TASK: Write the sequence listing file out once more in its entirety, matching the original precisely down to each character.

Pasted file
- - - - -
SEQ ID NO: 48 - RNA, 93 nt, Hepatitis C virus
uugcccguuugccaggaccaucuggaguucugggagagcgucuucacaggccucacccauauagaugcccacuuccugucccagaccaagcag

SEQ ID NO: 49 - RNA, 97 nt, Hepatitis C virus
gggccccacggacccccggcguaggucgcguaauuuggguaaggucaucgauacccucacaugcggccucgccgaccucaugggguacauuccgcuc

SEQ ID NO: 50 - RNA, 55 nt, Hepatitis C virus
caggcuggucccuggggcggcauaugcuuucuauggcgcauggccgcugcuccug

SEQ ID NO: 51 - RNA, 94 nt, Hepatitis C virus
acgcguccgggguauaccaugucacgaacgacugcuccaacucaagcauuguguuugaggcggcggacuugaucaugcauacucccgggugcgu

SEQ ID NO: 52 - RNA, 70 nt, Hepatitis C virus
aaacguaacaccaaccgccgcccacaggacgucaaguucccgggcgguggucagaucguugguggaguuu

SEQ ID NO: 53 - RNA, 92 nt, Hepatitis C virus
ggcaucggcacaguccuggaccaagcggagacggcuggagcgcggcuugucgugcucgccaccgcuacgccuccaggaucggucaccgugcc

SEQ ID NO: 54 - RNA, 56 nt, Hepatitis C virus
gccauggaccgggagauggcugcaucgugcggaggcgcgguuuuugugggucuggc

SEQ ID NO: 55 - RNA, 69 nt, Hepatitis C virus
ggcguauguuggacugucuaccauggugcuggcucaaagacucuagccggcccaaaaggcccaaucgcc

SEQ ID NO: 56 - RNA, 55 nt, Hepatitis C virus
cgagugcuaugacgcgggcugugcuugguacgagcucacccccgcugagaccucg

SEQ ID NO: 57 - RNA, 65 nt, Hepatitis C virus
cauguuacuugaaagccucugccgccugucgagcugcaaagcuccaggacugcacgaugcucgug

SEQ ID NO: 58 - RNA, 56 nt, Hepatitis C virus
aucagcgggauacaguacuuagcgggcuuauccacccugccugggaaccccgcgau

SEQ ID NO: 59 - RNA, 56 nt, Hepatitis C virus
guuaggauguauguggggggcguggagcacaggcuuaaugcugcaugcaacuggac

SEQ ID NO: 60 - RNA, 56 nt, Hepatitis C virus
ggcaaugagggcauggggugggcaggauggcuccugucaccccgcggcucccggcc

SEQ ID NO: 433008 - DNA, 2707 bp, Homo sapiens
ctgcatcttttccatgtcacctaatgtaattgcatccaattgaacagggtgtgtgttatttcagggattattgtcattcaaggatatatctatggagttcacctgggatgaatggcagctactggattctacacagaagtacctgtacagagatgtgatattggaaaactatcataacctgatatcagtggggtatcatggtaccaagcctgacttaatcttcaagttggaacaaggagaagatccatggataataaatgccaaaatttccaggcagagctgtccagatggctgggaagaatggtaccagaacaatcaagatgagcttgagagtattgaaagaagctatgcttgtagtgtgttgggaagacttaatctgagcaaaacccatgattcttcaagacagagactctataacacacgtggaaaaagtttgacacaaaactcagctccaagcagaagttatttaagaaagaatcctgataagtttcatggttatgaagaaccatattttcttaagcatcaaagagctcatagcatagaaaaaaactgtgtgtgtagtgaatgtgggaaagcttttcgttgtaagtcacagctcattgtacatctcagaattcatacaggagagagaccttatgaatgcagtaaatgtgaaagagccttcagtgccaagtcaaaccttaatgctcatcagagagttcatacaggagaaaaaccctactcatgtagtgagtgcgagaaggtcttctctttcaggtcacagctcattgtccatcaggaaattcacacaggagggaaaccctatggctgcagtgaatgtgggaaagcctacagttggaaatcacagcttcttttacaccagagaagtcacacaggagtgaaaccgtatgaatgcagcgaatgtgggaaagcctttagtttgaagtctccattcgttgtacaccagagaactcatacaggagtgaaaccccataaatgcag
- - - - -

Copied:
SEQ ID NO: 48 - RNA, 93 nt, Hepatitis C virus
uugcccguuugccaggaccaucuggaguucugggagagcgucuucacaggccucacccauauagaugcccacuuccugucccagaccaagcag

SEQ ID NO: 49 - RNA, 97 nt, Hepatitis C virus
gggccccacggacccccggcguaggucgcguaauuuggguaaggucaucgauacccucacaugcggccucgccgaccucaugggguacauuccgcuc

SEQ ID NO: 50 - RNA, 55 nt, Hepatitis C virus
caggcuggucccuggggcggcauaugcuuucuauggcgcauggccgcugcuccug

SEQ ID NO: 51 - RNA, 94 nt, Hepatitis C virus
acgcguccgggguauaccaugucacgaacgacugcuccaacucaagcauuguguuugaggcggcggacuugaucaugcauacucccgggugcgu

SEQ ID NO: 52 - RNA, 70 nt, Hepatitis C virus
aaacguaacaccaaccgccgcccacaggacgucaaguucccgggcgguggucagaucguugguggaguuu

SEQ ID NO: 53 - RNA, 92 nt, Hepatitis C virus
ggcaucggcacaguccuggaccaagcggagacggcuggagcgcggcuugucgugcucgccaccgcuacgccuccaggaucggucaccgugcc

SEQ ID NO: 54 - RNA, 56 nt, Hepatitis C virus
gccauggaccgggagauggcugcaucgugcggaggcgcgguuuuugugggucuggc

SEQ ID NO: 55 - RNA, 69 nt, Hepatitis C virus
ggcguauguuggacugucuaccauggugcuggcucaaagacucuagccggcccaaaaggcccaaucgcc

SEQ ID NO: 56 - RNA, 55 nt, Hepatitis C virus
cgagugcuaugacgcgggcugugcuugguacgagcucacccccgcugagaccucg

SEQ ID NO: 57 - RNA, 65 nt, Hepatitis C virus
cauguuacuugaaagccucugccgccugucgagcugcaaagcuccaggacugcacgaugcucgug

SEQ ID NO: 58 - RNA, 56 nt, Hepatitis C virus
aucagcgggauacaguacuuagcgggcuuauccacccugccugggaaccccgcgau

SEQ ID NO: 59 - RNA, 56 nt, Hepatitis C virus
guuaggauguauguggggggcguggagcacaggcuuaaugcugcaugcaacuggac

SEQ ID NO: 60 - RNA, 56 nt, Hepatitis C virus
ggcaaugagggcauggggugggcaggauggcuccugucaccccgcggcucccggcc

SEQ ID NO: 433008 - DNA, 2707 bp, Homo sapiens
ctgcatcttttccatgtcacctaatgtaattgcatccaattgaacagggtgtgtgttatttcagggattattgtcattcaaggatatatctatggagttcacctgggatgaatggcagctactggattctacacagaagtacctgtacagagatgtgatattggaaaactatcataacctgatatcagtggggtatcatggtaccaagcctgacttaatcttcaagttggaacaaggagaagatccatggataataaatgccaaaatttccaggcagagctgtccagatggctgggaagaatggtaccagaacaatcaagatgagcttgagagtattgaaagaagctatgcttgtagtgtgttgggaagacttaatctgagcaaaacccatgattcttcaagacagagactctataacacacgtggaaaaagtttgacacaaaactcagctccaagcagaagttatttaagaaagaatcctgataagtttcatggttatgaagaaccatattttcttaagcatcaaagagctcatagcatagaaaaaaactgtgtgtgtagtgaatgtgggaaagcttttcgttgtaagtcacagctcattgtacatctcagaattcatacaggagagagaccttatgaatgcagtaaatgtgaaagagccttcagtgccaagtcaaaccttaatgctcatcagagagttcatacaggagaaaaaccctactcatgtagtgagtgcgagaaggtcttctctttcaggtcacagctcattgtccatcaggaaattcacacaggagggaaaccctatggctgcagtgaatgtgggaaagcctacagttggaaatcacagcttcttttacaccagagaagtcacacaggagtgaaaccgtatgaatgcagcgaatgtgggaaagcctttagtttgaagtctccattcgttgtacaccagagaactcatacaggagtgaaaccccataaatgcag